Vengeance, Justice, and the American Way

There’s hardly any elbow room in that tiny gap between justice and vengeance, but they aren’t the same thing. One craves restoration. It seeks to repair a breach. To rejoin the jagged edges where corruption made a merciless tear.

The other seeks the momentary satisfaction of being right.

Tempting as it is to let my sense of worth teeter precariously on the one-upping of That Guy, I will not have a life driven consumed by the blind, unproductive venom of vengeance. I simply will not have it.

Because that isn’t a life.

The day is coming when I will know how to truly fight this pretty little devil. Until then, I simply have to put my wild imagination to bed, and let go of the need to prove myself a good girl.

How do you draw the line between vengeance and justice?



5 thoughts on “Vengeance, Justice, and the American Way

  1. M. S. says:

    It’s very simple: Vengeance is exacted by an individual, while Justice is served by something bigger (live, karma, God, Universe, take your pick). But while vengeance is much faster, Justice is longer lasting.

    You must have faith that “What goes around comes around”.

  2. Debbie W. Hoover says:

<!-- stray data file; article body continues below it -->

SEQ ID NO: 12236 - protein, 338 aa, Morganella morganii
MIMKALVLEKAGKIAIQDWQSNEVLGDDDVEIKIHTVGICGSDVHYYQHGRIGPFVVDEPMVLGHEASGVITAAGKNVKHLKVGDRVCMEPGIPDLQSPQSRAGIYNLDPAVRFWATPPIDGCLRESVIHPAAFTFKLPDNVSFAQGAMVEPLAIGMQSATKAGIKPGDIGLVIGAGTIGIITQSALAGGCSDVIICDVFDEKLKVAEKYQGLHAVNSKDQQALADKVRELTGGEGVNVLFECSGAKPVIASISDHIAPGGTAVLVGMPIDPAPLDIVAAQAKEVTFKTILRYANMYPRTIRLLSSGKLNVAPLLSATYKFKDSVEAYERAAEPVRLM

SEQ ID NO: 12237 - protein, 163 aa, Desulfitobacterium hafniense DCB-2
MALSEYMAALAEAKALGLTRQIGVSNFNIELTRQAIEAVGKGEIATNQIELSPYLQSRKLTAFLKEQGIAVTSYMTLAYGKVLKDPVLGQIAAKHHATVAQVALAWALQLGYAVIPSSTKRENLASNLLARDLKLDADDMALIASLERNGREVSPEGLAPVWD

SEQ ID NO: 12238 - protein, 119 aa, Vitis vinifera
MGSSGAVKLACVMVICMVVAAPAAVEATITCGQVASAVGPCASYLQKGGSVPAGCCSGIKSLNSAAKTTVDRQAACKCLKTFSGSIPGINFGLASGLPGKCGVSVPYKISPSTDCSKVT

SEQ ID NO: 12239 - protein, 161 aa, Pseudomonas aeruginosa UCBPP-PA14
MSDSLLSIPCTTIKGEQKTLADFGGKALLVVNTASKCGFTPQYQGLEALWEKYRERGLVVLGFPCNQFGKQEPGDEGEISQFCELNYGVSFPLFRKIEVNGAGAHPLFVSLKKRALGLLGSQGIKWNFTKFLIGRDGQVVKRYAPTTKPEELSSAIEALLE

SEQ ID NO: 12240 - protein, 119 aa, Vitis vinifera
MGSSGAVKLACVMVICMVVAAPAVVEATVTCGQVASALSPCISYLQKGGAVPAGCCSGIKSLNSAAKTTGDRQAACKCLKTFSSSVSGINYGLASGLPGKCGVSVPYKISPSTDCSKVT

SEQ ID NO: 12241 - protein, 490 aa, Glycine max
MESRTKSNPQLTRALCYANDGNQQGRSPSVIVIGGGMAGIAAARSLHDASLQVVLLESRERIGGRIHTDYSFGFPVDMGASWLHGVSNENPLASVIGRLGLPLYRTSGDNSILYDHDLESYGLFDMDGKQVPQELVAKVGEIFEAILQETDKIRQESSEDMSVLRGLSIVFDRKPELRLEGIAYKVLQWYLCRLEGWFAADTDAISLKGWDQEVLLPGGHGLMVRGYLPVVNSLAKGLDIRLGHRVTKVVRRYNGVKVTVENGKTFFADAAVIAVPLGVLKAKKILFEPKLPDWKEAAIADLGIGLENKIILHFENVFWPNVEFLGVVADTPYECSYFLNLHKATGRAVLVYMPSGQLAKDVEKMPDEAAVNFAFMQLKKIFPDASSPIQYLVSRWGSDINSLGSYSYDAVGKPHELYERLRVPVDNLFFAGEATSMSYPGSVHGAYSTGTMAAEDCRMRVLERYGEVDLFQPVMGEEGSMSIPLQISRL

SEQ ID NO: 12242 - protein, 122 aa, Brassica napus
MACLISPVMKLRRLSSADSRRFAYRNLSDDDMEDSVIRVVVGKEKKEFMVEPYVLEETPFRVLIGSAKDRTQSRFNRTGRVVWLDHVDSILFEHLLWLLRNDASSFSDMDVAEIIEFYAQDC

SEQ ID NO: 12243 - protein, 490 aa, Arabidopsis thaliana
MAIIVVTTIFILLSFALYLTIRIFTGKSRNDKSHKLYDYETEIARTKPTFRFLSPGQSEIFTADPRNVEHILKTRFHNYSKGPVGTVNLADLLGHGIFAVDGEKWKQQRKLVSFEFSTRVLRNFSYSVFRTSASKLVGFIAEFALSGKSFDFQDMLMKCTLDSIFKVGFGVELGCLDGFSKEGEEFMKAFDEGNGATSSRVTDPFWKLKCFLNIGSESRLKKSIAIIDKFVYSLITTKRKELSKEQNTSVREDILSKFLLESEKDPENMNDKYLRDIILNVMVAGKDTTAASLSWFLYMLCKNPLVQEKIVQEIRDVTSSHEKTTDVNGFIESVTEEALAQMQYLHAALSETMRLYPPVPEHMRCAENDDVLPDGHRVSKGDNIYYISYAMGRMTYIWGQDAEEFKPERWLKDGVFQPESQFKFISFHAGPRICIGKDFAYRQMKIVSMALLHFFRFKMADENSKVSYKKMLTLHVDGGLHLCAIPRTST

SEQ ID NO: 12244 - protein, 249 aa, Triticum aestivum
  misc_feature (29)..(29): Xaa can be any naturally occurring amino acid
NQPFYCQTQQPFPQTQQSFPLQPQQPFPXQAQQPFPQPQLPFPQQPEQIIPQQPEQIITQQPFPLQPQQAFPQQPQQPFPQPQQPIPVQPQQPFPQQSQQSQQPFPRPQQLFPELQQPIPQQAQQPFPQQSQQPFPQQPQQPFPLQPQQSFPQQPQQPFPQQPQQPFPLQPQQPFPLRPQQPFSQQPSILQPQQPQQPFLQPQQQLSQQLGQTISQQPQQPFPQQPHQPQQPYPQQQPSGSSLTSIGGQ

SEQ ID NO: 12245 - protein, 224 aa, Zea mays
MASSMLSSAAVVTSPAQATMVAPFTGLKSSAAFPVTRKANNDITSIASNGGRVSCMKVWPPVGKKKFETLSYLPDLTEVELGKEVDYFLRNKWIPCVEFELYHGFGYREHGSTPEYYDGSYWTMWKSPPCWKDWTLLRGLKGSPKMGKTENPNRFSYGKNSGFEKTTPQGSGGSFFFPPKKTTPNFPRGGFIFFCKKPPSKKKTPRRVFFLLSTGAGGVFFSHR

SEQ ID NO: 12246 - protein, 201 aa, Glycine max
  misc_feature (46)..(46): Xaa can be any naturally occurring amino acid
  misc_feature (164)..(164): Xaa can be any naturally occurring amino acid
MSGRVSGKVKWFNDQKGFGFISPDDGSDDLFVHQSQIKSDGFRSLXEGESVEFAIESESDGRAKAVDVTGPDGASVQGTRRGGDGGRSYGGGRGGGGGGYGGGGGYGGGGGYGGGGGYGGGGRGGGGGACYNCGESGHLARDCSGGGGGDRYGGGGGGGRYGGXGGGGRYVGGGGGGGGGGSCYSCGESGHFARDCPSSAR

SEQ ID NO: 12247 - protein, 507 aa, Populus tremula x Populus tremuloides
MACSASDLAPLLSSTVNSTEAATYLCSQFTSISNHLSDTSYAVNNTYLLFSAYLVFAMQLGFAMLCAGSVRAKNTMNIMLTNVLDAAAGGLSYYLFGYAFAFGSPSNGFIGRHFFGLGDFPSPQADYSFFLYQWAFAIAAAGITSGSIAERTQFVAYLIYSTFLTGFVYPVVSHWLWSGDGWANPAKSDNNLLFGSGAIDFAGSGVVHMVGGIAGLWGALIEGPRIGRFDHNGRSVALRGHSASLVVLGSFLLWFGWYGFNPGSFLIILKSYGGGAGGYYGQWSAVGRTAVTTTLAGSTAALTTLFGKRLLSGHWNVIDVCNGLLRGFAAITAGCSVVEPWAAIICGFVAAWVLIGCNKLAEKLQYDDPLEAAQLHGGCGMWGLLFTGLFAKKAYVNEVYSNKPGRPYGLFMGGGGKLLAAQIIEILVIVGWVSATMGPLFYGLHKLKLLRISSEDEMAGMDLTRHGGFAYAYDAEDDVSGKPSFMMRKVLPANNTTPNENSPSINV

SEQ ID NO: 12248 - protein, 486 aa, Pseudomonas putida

Posted 10/26/12 – 3:28 PM: I believe that vengeance is an attempt to reach justice not with rationality, but with emotion. Justice without rationality is simply vengeance. The correct action to make can only be revealed once one is able to consider every factor that led to the events that transpired. Therefore in every situation, despite similarities, one must take into consideration a multitude of factors before one is able to come to true justice. The justice of humanity as far as I can see will never be truly just for we are not omniscient. And for a single human to try and carry out its’ own justice is even less just than a group. So what is the correct action to take should one do you a wrong? Consider everything that led to those events, without emotion (for emotion predispositions our final judgement) and then finally come to a conclusion at what consequence is to be served, and also take into consideration the effects that such a consequence will have. One has to be aware of the ripples that will spread.

  3. Leslie Graham says:

    4. Know the truth about revenge or vengeance. Revenge or vengeance hurts you because it keeps you trapped in a vicious cycle and keeps you focused on the offense. There is a God of justice who at some point, will right every wrong. “Vengeance is mine, I will repay,” says the Lord. Your feelings of revenge are normal and you can vent them in writing or with a safe person but avoid acting on them. This is not easy and it helps if you take the following steps.

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